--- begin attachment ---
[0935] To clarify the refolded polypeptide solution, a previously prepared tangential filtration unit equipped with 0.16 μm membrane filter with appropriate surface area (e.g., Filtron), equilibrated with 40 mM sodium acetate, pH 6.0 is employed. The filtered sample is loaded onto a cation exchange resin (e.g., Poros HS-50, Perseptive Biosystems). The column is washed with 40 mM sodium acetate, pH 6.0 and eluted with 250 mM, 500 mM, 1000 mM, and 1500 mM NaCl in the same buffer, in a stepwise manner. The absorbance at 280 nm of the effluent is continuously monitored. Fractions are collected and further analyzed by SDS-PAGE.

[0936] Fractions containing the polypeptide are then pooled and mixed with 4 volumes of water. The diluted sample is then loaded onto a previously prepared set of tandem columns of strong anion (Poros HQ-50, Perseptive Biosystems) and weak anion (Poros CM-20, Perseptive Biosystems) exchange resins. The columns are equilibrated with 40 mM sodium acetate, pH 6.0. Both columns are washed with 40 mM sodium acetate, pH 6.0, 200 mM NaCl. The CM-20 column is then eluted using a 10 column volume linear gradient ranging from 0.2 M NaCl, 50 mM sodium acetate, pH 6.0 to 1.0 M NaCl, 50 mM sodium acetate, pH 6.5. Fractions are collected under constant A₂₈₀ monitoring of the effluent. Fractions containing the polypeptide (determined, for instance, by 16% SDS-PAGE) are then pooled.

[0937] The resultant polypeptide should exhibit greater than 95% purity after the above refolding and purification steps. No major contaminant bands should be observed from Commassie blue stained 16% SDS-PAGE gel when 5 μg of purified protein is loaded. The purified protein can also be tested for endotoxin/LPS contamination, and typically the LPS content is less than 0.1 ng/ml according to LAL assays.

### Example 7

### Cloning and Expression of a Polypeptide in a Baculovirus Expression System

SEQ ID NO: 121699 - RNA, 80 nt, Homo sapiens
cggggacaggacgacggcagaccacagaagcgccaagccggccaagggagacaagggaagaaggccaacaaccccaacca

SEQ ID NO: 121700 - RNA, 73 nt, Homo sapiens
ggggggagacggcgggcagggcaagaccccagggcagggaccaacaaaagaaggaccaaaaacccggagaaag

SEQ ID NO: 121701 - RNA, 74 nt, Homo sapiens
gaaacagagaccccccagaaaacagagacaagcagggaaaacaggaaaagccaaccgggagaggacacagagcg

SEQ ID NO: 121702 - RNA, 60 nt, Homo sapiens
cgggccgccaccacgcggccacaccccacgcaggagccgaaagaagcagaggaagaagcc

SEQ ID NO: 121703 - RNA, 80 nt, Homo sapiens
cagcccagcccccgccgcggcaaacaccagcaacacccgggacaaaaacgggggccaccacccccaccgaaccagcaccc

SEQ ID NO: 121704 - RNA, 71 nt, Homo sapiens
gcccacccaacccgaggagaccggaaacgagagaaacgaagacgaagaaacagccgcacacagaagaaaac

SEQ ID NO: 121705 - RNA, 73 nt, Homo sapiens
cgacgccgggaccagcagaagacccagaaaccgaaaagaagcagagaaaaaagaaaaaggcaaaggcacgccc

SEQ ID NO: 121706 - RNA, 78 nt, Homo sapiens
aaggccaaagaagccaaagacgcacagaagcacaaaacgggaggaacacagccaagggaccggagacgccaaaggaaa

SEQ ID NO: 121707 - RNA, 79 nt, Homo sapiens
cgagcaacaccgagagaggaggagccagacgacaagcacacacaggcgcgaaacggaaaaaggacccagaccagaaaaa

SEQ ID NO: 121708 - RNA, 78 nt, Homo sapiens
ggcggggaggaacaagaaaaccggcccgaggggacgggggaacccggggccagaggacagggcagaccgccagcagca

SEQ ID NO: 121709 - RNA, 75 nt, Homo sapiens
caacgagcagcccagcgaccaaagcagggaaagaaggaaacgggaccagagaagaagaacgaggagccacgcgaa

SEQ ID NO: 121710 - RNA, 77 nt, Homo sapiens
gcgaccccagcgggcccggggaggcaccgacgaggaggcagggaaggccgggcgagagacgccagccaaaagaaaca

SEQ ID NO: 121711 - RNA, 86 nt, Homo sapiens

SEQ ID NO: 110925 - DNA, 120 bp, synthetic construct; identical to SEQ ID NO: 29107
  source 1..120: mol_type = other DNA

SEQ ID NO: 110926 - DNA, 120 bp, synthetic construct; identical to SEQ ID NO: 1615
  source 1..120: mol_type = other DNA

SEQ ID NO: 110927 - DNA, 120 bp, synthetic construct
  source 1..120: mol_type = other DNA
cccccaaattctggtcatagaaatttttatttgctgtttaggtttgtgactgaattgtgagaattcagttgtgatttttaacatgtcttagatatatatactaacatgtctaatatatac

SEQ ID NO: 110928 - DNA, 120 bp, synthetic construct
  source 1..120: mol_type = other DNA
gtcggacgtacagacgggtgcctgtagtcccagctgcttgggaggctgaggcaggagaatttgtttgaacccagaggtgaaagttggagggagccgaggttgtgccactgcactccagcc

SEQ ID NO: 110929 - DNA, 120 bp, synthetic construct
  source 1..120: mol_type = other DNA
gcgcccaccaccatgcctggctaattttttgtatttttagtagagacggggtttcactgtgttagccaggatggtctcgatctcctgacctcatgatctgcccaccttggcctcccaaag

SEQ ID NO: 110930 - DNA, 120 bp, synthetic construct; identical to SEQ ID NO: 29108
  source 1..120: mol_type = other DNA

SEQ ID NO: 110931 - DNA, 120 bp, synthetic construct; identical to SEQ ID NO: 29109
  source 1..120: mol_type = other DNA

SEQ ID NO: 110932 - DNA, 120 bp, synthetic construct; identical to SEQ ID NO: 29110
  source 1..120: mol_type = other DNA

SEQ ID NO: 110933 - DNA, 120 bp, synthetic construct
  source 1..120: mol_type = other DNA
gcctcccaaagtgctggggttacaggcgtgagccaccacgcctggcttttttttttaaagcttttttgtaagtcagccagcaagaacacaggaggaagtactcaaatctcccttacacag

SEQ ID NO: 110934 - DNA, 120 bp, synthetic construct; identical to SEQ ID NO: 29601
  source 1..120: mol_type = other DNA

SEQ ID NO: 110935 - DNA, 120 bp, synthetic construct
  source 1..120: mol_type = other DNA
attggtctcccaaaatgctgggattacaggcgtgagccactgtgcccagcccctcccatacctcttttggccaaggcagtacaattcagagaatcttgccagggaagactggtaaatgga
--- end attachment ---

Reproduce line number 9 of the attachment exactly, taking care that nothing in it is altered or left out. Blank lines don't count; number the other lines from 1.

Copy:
ggggggagacggcgggcagggcaagaccccagggcagggaccaacaaaagaaggaccaaaaacccggagaaag